Market conditions remain challenging for Japan’s Nippon Express, which recently reported rising annual revenues but significantly lower profits due to impairment charges.
In the fiscal year ended March 31, 2017, revenues grew to almost ¥2trn ($18.1bn), bucking the trend of declining sales in the previous year.
Meanwhile, operating income rose to ¥70.2bn, up 22.0% on a comparable annual basis, with higher margins at 3.5% against 3% in 2016, confirming the freight forwarder’s long-standing focus on underlying profitability.
Despite a good operating performance, some ¥51bn ($450m) of impairment charges (related to goodwill and non-current assets) weighed on net earnings, pushing down its bottom line to ¥6bn from ¥36bn in the prior year.
Moreover, net operating cash flow fell to ¥91bn from over ¥100bn one year earlier, which contributed to negative core free cash flow for year (-¥5.3bn), which was also affected by higher capital expenditure.
Debt proceeds were lower on a comparable annual basis and did not prevent a fall in its gross cash position, down to ¥137bn at the end of fiscal 2017 against ¥163bn one year earlier.
The Japanese economy was on a gradual recovery trend last year, the group said, due “to the pickup in exports and production activities, amid continued gradual recovery of overseas economies”.
In particular, domestic freight was helped by a rise “in transportation demand, including automotive parts and steel, and international freight was generally strong due to factors such as the steady air freight of electronic components, mainly to Asia”.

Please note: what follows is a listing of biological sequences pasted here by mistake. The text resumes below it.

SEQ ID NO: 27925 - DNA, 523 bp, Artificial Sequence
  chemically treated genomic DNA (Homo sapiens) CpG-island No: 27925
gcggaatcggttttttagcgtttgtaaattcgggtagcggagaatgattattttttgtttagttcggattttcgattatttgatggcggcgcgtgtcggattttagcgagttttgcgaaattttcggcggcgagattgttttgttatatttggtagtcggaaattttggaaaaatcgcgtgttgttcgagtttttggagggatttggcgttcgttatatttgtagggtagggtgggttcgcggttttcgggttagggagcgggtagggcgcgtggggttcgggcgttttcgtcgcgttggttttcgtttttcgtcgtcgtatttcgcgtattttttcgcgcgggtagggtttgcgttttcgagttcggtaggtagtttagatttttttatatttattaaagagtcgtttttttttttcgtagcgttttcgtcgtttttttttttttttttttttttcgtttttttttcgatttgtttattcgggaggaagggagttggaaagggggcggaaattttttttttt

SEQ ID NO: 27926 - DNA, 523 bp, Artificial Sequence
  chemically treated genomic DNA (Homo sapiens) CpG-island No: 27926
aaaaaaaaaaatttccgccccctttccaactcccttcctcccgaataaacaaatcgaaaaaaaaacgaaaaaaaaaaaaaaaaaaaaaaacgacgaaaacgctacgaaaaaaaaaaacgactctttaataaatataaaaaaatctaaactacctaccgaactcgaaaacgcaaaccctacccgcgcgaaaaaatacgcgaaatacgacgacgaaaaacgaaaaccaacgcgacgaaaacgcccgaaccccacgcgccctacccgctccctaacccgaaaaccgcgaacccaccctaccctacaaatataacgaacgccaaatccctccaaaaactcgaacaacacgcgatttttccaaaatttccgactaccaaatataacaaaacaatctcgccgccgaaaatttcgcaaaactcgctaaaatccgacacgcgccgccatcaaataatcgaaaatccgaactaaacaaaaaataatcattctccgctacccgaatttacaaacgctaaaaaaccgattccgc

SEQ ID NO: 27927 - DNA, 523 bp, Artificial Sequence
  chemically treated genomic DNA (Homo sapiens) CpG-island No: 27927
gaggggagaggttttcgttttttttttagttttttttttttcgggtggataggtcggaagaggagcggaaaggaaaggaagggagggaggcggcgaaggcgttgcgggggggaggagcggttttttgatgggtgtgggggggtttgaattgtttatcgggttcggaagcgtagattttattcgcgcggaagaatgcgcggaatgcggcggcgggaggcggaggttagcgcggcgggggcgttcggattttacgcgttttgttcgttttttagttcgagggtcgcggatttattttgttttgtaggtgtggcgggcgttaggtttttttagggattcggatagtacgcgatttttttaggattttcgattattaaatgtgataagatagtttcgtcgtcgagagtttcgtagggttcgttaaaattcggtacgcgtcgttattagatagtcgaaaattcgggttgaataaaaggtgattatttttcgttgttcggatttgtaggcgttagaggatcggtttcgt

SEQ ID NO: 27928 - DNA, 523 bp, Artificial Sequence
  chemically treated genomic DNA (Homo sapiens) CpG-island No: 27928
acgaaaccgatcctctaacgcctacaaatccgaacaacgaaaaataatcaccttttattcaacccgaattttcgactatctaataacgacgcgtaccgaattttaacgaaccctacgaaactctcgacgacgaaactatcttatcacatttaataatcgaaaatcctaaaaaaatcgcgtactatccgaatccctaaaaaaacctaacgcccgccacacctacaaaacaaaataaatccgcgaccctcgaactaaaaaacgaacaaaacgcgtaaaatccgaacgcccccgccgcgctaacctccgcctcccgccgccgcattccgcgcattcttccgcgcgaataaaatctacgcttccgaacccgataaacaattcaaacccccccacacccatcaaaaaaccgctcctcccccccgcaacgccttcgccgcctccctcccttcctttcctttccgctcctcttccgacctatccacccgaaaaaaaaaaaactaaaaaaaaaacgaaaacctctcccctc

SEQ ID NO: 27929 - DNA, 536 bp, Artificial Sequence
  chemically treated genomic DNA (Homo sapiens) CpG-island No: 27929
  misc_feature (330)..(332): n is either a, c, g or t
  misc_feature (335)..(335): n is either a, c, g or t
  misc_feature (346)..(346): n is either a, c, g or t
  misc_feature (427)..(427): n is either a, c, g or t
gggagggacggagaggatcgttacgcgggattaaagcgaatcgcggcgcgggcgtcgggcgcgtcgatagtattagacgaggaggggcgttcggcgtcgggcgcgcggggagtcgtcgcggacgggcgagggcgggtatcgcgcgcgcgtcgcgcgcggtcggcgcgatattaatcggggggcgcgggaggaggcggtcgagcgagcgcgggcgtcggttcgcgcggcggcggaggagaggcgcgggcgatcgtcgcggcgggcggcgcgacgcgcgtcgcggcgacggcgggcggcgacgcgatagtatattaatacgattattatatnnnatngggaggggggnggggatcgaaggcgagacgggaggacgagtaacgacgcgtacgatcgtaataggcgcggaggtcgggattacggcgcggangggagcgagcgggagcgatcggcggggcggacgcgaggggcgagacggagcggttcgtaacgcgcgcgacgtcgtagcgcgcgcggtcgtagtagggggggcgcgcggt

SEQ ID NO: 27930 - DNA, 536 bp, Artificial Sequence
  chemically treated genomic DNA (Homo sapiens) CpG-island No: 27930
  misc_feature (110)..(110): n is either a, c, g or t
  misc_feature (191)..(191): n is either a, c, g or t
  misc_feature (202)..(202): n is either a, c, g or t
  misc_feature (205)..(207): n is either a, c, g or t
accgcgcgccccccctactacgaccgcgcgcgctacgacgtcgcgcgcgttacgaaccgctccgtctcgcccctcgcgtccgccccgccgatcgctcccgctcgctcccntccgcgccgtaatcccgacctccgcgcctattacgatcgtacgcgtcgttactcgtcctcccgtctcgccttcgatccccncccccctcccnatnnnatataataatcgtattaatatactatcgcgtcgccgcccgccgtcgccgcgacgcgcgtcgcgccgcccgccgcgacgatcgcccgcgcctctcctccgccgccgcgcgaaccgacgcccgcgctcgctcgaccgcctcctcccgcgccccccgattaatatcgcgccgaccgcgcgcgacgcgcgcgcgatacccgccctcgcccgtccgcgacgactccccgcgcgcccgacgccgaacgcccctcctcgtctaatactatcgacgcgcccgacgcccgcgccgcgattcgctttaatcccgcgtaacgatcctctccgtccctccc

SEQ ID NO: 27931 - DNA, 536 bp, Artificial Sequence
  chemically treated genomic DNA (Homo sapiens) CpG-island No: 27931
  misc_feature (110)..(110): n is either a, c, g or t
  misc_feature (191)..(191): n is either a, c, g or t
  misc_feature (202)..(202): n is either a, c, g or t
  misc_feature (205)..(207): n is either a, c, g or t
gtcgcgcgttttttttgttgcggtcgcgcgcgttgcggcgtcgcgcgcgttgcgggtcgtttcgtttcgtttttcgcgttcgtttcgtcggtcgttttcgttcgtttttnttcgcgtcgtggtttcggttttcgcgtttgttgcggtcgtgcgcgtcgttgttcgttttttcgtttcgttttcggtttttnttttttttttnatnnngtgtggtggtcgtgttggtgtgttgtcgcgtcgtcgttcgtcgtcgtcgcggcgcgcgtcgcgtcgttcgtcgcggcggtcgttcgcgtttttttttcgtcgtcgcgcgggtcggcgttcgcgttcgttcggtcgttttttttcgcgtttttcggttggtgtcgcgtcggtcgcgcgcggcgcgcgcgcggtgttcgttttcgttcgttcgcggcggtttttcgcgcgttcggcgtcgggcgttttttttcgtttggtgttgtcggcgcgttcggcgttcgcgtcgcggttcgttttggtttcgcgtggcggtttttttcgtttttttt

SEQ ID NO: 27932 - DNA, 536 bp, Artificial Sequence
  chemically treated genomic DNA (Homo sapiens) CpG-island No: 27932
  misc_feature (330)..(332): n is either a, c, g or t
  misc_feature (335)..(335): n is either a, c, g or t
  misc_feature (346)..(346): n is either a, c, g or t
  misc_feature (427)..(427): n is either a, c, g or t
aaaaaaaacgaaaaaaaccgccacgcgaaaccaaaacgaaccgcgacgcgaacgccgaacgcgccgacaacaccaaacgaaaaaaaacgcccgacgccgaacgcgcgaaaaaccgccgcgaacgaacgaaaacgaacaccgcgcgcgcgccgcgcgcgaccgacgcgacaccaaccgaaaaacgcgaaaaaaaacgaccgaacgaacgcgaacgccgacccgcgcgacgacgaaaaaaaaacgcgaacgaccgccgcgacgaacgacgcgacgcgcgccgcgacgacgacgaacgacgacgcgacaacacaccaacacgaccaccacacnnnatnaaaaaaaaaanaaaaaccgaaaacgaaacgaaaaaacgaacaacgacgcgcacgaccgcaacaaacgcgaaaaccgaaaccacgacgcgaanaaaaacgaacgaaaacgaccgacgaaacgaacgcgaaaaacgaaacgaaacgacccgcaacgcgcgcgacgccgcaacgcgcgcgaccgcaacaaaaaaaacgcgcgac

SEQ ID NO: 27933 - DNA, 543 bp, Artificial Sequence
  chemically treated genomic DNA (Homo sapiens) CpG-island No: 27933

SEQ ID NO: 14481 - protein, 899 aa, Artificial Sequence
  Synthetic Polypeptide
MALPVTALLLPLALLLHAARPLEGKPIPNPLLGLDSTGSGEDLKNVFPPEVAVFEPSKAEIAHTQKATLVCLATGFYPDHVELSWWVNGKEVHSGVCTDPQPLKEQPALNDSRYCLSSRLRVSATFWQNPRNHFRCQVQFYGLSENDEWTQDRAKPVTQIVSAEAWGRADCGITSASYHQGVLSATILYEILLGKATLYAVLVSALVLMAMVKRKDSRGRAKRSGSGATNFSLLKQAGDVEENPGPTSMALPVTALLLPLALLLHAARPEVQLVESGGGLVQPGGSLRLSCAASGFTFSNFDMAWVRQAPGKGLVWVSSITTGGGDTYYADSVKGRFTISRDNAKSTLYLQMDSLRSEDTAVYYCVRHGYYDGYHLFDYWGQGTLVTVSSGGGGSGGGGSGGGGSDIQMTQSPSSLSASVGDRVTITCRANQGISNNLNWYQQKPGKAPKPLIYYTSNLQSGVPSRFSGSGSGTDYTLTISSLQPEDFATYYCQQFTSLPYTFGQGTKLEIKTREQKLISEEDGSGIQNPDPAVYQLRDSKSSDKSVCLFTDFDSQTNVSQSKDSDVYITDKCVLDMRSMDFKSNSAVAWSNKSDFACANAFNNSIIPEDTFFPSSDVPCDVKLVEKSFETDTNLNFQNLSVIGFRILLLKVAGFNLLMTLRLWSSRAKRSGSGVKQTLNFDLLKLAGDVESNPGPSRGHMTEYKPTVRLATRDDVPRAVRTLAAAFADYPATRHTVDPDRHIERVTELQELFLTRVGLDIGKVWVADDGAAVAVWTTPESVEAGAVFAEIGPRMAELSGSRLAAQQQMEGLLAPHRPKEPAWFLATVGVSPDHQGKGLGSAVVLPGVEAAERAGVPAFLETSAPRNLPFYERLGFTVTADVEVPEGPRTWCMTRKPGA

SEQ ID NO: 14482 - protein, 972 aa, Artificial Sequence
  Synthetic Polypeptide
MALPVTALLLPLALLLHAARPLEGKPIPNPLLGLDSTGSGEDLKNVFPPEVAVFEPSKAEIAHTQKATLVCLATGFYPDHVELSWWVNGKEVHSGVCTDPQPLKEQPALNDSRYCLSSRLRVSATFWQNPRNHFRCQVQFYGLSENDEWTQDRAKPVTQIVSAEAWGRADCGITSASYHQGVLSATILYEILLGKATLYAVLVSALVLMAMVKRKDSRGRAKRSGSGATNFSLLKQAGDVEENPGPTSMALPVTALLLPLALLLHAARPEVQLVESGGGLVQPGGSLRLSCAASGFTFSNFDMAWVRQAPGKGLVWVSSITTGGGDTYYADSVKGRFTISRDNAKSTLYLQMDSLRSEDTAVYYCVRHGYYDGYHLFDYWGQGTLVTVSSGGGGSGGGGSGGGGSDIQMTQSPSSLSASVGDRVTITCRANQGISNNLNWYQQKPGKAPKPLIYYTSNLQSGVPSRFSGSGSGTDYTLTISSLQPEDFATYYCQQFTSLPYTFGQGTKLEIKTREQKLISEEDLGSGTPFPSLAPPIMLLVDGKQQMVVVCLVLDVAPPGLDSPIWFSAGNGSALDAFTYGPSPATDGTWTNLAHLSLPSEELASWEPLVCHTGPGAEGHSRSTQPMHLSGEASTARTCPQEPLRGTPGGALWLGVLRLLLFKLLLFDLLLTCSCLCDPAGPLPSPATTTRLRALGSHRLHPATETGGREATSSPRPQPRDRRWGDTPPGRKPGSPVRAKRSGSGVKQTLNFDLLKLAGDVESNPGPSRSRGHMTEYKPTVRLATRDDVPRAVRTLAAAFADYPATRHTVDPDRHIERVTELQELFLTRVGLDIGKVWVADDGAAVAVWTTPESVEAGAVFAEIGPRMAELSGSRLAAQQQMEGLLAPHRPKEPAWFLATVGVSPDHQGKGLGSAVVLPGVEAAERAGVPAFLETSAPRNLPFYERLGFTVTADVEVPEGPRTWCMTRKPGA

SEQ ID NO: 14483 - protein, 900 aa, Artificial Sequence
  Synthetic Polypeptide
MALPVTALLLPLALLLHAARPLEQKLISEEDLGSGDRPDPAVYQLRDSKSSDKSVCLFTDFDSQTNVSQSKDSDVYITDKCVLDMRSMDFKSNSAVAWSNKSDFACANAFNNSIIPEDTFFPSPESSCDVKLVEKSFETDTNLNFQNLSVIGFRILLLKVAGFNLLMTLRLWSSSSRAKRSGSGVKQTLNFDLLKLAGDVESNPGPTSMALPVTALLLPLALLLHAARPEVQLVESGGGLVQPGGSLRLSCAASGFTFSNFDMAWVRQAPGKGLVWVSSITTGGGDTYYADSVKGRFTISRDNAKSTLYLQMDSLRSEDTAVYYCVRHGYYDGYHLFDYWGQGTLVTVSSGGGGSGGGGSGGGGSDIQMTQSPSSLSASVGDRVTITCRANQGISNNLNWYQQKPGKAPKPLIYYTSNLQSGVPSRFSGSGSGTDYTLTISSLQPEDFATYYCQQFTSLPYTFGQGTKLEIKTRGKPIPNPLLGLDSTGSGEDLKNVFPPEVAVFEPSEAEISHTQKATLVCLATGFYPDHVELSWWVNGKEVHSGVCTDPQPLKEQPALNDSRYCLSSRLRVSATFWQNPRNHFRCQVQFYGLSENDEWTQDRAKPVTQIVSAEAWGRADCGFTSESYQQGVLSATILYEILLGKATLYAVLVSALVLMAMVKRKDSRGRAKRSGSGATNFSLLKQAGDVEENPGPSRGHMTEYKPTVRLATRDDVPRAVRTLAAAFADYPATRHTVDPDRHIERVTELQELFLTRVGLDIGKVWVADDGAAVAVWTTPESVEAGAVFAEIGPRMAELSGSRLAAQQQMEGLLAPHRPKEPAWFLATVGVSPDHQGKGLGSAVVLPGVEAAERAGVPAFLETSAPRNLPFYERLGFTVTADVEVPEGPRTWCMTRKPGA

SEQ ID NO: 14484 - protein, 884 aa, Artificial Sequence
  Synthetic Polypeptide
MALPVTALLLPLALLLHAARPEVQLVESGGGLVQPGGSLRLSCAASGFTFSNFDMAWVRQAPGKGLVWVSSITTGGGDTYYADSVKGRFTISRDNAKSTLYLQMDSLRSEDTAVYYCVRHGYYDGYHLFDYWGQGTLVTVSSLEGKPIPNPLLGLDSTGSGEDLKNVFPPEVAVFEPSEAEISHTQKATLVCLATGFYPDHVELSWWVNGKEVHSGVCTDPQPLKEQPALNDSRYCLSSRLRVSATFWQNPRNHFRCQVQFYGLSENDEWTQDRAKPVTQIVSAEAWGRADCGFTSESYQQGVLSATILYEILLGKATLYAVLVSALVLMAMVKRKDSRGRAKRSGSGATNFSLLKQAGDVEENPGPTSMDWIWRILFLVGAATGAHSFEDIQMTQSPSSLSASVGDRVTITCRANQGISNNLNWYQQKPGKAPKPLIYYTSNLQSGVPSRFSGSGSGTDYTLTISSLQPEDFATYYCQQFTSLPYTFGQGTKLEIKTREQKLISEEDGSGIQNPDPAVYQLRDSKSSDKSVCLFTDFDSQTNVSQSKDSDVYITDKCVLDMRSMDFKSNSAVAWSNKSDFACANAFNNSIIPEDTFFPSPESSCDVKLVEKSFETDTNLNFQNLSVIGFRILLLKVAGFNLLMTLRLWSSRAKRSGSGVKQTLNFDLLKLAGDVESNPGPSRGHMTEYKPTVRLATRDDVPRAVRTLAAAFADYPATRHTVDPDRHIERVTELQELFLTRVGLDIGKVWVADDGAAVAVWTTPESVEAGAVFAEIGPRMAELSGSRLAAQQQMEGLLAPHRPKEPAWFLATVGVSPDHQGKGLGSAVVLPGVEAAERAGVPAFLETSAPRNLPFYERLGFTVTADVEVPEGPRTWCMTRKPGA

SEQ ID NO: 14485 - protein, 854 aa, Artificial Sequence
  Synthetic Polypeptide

Its three–year corporate plan, which took effect in April 2016, is delivering mixed results, yet notably core activities have recorded solid growth rates across the world.
In Japan, core revenues rose by ¥47.7bn, +4.1% year on year, to ¥1.2trn (60% of group turnover), thanks to “robust air freight export and motor transportation transactions”, while operating income rose 18.9% to ¥45.9bn.
Headline results in the Americas (sales of ¥91.3bn) were mixed due to falling operating profits, but its performance was much stronger in Europe (sales of ¥96bn), both in terms of revenues and operating earnings growth. Elsewhere, its freight forwarding activates in East Asia (sales of ¥117.4bn) as well as in South Asia and Oceania (sales ¥85.3bn) were on a roll.
Its large “logistics support” unit – which focuses on the “sale of distribution equipment, wrapping and packaging materials, vehicles, petroleum, liquefied petroleum (LP) gas and so forth – turned over ¥443.2bn, up 9.7% for the year, with a much steeper growth rate (+17%) for operating income.
Key factors that contributed to that division’s performance were the “increase in the unit selling price of oil and increased transactions in the export packing services”.
Source: Transport Intelligence, May 22, 2018
Author: Alessandro Pasetti
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